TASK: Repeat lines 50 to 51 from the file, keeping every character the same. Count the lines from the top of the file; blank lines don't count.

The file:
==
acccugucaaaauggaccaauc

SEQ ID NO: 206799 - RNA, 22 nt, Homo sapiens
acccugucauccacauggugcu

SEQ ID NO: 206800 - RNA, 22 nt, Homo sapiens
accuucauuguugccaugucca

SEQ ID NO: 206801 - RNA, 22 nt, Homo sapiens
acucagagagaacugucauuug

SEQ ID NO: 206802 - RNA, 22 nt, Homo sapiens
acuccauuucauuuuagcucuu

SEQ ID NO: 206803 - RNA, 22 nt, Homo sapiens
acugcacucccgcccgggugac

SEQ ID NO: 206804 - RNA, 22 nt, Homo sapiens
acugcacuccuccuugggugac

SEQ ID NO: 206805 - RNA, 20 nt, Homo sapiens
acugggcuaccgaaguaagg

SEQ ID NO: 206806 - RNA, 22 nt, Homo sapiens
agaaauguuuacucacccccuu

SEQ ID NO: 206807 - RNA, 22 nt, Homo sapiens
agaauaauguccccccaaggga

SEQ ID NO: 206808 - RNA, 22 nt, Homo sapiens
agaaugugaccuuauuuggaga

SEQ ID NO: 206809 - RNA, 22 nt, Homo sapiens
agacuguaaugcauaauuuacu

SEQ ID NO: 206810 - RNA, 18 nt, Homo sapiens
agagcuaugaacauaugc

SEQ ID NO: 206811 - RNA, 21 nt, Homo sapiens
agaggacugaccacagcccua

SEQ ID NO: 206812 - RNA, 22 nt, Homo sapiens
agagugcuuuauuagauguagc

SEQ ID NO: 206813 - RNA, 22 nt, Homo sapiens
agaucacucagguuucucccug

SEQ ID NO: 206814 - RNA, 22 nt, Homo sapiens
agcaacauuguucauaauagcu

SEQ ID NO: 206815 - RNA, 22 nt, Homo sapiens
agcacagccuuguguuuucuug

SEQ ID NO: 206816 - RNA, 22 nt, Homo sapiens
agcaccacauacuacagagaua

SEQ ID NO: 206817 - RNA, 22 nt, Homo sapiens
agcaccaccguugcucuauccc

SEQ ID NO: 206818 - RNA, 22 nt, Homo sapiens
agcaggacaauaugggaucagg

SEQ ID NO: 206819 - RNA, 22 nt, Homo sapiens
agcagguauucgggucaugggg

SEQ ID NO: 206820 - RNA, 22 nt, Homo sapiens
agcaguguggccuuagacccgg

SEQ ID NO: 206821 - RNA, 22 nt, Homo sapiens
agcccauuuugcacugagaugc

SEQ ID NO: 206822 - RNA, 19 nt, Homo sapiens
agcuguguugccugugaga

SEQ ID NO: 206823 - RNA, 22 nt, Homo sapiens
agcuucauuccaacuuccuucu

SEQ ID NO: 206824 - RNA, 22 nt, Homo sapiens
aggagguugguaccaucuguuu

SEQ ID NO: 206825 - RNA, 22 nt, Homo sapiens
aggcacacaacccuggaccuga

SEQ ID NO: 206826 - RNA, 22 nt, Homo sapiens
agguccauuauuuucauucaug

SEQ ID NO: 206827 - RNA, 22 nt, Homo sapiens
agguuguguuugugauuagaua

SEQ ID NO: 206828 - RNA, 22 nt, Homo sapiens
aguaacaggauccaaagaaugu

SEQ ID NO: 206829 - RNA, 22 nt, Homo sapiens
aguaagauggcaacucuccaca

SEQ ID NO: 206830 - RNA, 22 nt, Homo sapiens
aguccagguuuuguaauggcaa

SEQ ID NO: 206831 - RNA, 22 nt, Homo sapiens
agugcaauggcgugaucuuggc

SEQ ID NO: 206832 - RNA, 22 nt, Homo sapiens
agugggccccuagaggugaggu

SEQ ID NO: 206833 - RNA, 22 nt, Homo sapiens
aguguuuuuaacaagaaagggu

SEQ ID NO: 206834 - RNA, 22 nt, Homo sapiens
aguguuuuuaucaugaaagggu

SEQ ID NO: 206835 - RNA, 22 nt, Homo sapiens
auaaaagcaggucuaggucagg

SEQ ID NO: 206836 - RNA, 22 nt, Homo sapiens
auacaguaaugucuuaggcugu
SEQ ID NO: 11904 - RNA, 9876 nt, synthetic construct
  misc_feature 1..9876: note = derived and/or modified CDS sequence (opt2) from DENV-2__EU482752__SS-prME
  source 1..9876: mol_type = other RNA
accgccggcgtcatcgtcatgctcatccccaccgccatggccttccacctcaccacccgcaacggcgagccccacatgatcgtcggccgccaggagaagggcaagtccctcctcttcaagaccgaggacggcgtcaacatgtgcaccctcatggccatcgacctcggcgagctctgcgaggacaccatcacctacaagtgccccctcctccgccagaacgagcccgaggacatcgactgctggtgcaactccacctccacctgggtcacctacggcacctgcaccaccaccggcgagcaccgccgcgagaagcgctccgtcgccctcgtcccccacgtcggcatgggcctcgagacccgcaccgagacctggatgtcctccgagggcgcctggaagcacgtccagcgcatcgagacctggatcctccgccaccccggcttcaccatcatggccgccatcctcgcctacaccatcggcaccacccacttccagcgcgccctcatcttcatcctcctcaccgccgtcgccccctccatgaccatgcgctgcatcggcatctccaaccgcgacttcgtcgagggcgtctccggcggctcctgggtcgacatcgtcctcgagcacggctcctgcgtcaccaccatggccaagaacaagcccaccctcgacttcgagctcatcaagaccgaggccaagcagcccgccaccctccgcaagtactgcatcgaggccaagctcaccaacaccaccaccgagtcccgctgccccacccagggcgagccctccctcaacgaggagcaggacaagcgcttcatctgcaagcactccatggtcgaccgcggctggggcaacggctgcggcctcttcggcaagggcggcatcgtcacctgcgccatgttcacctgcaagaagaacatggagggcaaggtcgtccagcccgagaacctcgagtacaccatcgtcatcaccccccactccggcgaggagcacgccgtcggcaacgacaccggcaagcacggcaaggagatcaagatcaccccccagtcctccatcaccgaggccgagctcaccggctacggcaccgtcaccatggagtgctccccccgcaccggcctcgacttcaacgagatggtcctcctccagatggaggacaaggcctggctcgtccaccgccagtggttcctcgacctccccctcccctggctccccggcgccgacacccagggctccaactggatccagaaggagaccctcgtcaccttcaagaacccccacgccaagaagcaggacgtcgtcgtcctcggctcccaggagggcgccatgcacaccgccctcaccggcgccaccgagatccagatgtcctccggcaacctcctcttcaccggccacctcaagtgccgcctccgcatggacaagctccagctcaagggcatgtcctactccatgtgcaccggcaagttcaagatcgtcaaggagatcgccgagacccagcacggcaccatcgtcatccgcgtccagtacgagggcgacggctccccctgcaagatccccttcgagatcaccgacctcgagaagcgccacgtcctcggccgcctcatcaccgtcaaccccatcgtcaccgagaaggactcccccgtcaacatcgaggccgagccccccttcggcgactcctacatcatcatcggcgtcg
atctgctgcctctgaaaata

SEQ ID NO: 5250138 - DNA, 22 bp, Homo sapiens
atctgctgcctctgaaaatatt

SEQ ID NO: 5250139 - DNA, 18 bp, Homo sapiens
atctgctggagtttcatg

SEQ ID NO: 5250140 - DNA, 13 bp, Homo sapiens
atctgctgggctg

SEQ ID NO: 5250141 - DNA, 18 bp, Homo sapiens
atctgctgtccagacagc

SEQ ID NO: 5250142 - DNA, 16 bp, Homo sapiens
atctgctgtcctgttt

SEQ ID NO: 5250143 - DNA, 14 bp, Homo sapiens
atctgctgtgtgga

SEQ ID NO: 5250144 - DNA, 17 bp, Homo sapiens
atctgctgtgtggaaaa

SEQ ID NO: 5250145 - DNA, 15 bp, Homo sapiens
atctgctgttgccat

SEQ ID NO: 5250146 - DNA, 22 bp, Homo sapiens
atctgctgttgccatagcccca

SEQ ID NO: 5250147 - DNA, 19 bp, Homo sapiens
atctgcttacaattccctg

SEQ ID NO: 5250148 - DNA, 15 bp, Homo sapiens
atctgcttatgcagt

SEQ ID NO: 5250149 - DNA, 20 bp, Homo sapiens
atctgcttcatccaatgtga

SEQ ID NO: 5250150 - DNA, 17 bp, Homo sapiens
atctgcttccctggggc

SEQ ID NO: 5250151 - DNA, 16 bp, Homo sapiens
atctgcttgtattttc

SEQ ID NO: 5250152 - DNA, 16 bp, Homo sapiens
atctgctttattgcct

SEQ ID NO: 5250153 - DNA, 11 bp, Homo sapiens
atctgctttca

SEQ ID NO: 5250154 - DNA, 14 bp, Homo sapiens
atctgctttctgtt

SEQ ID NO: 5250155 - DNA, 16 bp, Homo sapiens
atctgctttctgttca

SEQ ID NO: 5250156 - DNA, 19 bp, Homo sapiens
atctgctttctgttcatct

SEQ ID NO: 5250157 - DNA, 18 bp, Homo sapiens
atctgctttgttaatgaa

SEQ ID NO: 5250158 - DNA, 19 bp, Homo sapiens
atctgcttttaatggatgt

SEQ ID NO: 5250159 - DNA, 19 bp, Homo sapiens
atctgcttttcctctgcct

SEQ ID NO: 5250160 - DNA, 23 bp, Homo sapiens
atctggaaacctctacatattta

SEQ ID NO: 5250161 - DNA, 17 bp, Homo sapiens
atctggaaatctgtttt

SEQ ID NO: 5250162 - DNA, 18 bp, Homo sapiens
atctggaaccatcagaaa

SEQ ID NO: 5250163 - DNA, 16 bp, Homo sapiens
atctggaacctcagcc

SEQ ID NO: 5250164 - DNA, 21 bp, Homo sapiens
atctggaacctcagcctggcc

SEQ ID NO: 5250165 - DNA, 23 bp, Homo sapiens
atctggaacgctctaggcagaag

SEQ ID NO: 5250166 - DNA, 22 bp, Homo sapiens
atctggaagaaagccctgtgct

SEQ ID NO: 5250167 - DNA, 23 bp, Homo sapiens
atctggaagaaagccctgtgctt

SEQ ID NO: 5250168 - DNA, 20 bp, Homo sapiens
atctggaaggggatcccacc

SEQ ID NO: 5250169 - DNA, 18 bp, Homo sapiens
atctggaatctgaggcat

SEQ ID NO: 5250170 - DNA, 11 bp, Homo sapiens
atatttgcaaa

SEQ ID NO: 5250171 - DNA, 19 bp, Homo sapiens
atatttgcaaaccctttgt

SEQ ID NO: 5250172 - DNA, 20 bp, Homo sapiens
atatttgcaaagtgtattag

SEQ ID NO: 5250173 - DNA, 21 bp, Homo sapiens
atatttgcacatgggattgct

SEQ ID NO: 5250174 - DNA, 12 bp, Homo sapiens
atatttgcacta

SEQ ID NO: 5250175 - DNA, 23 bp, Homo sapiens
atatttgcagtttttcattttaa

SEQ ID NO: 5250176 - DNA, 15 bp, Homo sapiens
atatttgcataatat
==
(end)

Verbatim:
SEQ ID NO: 206823 - RNA, 22 nt, Homo sapiens
agcuucauuccaacuuccuucu